The Role of Nutrition and Nutritional Supplements in the Treatment of Dyslipidemia

Mark Houston


Clin Lipidology. 2014;9(3):333-354. 

In This Article

Nutritional Management of Dyslipidemia

Nutrition is an important treatment for dyslipidemia, CHD risk factors and for the prevention and treatment of CVD. Numerous epidemiological studies and prospective clinical trials including the Framingham Heart Study,[191,192] Seven Countries Study,[193,194] Pritikin diet studies,[195–197] Ornish Lifestyle Heart Trial,[198–201] Omni Heart Trial,[192] Portfolio diet,[202–205] Mediterranean diet,[206–210] Lyon Diet Heart Study,[209] Indian Heart Study,[211] Predimed study[210–213] and Paleolithic diet have clearly established the relationship between diet, serum lipids, inflammation and CVDs including coronary heart disease and stroke.

Three cohorts of the Framingham Heart Study with over 10,000 subjects have demonstrated improved CV risk on lipid-lowering diets that decrease total and LDL cholesterol, TG and increase HDL.[191,192] The Seven Countries Study was an international study that investigated lifestyle and diet.[193,194] A high fat diet increased prevalence of CVD. The Pritikin Principle Diet, which included low-fat diet (10% of total calories) with primarily vegetables, grains, and fruits, combined with exercise, improved the lipid profile.[195–197]

Ornish et al. evaluated an intensive therapeutic approach that combined a low fat (10% total calories, low cholesterol of 10 mg per day, complex carbohydrate, low refined carbohydrate vegetarian diet, exercise, and other lifestyle changes such as stress reduction, smoking cessation and group psychosocial support.[198–201] The experimental group compared with the control group had statistically significant reductions in LDL-C, frequency of angina episodes, and regression in coronary artery stenosis at years 1 and 5. The Optimal Macronutrient Intake for Heart Health Trial (Omni Heart Trial) was a randomized controlled intervention crossover study of 164 adults using a Mediterranean-style diet to evaluate plasma lipids and blood pressure.[192] Three diets were included a carbohydrate-rich diet, a protein-rich diet with 50% from plant sources, and a diet rich in monounsaturated fat. The monounsaturated fat-rich diet increased HDL-C levels, lowered TG, with no change in LDL-C. The protein-rich diet decreased LDL-C, TG and HDL-C compared with the carbohydrate diet. Substitution of the carbohydrates with either proteins or monounsaturated fat lowered blood pressure, improved serum lipid levels and reduced cardiovascular risk.[205]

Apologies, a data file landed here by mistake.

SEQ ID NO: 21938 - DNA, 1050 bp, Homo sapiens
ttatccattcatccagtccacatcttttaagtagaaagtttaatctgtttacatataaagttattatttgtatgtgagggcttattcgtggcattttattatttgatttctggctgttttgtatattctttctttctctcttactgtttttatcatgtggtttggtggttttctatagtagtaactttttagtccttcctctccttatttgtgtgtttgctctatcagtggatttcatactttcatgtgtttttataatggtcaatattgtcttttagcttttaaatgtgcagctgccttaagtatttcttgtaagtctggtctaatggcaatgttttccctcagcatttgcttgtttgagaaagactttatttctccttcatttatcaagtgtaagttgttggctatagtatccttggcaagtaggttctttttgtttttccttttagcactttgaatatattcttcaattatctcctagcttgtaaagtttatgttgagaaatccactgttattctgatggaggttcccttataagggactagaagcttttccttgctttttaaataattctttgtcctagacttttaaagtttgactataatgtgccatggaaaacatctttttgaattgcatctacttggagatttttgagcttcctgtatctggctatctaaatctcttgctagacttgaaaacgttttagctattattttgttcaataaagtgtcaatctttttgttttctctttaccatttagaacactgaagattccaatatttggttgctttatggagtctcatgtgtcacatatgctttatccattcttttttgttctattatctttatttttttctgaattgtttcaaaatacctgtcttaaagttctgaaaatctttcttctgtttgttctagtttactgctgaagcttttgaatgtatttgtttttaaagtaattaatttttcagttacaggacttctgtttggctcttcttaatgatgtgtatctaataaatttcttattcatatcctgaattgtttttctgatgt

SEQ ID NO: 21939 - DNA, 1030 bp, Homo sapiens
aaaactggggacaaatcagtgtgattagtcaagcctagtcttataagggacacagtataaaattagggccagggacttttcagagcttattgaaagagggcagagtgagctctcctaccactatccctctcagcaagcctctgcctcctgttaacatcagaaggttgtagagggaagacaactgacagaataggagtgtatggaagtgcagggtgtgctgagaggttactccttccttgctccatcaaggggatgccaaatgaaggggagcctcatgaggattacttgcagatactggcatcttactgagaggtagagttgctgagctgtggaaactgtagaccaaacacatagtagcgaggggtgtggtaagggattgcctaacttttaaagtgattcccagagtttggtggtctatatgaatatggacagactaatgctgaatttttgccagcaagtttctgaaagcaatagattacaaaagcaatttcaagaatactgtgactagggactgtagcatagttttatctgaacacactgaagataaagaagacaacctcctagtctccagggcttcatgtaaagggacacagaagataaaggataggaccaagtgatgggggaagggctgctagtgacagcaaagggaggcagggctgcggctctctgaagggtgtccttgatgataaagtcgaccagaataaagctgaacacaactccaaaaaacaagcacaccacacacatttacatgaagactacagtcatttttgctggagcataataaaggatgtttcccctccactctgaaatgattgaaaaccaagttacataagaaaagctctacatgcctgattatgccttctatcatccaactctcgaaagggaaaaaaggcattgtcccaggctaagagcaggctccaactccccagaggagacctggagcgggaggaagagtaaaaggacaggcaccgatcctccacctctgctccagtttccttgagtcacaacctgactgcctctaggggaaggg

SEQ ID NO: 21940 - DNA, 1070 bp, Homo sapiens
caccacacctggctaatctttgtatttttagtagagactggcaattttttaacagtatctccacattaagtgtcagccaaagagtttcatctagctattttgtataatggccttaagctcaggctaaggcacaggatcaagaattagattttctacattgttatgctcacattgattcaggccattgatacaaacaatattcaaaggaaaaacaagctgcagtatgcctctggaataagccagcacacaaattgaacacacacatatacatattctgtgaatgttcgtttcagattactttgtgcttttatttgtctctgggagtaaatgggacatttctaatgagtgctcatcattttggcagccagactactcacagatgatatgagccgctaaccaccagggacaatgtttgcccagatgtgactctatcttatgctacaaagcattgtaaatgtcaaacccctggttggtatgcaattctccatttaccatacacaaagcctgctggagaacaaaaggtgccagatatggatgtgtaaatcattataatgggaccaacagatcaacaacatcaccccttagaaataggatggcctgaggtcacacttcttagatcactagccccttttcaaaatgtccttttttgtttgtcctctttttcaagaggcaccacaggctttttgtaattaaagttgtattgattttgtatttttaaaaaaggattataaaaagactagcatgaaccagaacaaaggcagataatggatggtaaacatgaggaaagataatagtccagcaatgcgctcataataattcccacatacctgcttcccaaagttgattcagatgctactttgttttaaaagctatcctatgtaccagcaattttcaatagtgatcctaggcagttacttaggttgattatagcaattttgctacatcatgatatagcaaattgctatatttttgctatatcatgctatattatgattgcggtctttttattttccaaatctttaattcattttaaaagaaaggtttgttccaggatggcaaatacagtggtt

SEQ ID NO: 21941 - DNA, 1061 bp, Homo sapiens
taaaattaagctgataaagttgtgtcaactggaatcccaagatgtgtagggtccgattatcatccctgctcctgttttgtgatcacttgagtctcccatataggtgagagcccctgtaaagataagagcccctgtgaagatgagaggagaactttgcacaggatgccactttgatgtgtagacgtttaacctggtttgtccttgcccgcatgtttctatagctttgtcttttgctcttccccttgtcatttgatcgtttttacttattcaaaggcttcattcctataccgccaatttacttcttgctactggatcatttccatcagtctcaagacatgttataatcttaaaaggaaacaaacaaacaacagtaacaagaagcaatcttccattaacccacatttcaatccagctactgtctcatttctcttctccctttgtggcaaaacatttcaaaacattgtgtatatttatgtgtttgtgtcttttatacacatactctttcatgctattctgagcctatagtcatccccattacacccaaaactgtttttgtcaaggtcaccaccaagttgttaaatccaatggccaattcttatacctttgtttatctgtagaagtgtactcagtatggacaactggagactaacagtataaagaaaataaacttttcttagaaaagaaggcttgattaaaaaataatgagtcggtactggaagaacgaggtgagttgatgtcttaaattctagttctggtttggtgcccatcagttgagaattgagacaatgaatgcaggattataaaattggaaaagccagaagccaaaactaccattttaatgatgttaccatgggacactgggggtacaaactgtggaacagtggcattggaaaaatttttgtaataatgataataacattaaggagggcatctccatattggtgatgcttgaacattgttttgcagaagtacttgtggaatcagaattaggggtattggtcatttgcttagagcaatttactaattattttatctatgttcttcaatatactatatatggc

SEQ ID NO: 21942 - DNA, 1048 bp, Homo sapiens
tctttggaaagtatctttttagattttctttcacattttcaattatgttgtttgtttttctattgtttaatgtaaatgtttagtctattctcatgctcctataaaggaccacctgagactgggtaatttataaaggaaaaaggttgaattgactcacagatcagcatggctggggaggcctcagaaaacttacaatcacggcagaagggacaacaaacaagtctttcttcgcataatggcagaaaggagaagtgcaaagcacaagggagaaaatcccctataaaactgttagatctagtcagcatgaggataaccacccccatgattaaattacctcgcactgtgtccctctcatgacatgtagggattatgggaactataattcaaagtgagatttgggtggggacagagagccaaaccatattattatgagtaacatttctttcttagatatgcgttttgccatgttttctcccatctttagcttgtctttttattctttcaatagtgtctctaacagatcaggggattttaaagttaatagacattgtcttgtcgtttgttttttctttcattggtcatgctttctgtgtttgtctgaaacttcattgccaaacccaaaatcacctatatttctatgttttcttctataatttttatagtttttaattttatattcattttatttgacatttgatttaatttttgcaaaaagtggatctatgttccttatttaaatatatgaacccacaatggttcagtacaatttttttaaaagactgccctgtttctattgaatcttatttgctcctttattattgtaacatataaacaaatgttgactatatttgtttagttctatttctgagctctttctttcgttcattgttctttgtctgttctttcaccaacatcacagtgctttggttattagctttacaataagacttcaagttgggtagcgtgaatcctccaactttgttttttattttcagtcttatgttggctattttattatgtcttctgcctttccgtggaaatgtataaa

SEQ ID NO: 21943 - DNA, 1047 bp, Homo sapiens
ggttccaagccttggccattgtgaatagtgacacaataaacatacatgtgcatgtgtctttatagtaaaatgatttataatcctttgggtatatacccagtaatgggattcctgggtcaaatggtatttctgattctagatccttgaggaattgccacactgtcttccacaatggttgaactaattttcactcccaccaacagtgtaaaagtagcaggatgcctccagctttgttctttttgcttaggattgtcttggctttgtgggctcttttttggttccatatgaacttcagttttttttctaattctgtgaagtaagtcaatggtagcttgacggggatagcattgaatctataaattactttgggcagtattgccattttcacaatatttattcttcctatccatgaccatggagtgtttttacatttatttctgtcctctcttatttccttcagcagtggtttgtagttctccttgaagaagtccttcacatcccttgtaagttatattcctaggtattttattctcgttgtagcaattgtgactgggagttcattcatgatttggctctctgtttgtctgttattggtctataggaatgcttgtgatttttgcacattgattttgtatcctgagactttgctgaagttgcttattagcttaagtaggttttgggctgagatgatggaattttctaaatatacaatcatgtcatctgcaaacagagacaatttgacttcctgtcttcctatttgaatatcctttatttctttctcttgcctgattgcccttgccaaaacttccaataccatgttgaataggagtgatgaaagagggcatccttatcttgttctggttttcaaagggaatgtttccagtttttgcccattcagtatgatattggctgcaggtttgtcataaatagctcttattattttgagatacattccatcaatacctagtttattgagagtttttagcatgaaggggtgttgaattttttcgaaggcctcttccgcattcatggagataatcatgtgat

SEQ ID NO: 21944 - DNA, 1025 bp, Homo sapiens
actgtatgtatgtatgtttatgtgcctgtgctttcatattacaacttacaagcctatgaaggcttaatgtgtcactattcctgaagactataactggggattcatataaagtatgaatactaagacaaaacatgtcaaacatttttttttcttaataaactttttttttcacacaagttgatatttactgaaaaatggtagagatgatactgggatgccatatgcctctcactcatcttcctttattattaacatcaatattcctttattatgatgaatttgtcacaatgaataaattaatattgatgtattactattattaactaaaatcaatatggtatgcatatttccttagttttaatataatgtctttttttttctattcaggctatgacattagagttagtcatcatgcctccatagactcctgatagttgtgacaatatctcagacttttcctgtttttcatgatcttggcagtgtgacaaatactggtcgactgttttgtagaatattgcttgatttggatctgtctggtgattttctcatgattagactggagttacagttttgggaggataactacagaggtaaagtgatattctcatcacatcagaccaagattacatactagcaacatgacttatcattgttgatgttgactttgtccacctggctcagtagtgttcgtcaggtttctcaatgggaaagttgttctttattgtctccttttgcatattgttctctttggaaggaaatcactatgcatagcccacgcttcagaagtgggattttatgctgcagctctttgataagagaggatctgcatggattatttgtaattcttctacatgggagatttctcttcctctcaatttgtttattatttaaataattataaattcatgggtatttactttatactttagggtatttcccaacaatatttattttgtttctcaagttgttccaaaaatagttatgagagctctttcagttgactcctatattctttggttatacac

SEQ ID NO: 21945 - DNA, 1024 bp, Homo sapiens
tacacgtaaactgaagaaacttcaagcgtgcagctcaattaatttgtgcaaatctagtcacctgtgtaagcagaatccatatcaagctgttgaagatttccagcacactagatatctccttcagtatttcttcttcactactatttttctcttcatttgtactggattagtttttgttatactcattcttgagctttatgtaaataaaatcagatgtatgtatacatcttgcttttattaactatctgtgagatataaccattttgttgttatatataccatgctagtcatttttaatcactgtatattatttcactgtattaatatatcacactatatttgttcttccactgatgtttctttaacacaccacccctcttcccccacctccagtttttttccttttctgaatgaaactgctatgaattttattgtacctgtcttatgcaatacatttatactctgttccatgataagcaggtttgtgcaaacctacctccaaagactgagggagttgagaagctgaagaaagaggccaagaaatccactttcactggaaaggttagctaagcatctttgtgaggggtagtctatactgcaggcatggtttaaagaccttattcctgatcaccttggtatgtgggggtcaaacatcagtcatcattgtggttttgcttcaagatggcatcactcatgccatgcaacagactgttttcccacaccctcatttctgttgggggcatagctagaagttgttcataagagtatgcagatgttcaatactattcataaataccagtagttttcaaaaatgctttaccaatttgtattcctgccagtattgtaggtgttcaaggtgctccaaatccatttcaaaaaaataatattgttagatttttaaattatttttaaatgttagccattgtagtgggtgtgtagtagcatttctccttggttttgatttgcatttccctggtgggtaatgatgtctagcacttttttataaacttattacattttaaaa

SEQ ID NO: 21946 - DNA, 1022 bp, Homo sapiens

The Portfolio Diet Study was a randomized control trial of 14 dyslipidemic subjects[202] given a vegetarian diet, with additional soluble fiber, nuts, soy protein and plant sterols. At 4 weeks the LDL-C fell 29.6% and TG fell 9.3% in the diet group versus 8.5% in the control group. There was a 33.3% decrease in LDL C and 11% decrease in TG in those given a statin drug. In a follow-up study of the portfolio diet in 66 dyslipidemic adults for 1 year, 31 participants had reductions in LDL-C >20% related to compliance with the diet.[203] The most recent Portfolio diet of 351 subjects showed an LDL-C reduction of 13.8 vs 3% in the control group.[204,205] Increasing the monounsaturated fat content increased serum HDL-C levels but maintained the reduction in LDL-C.[204,205]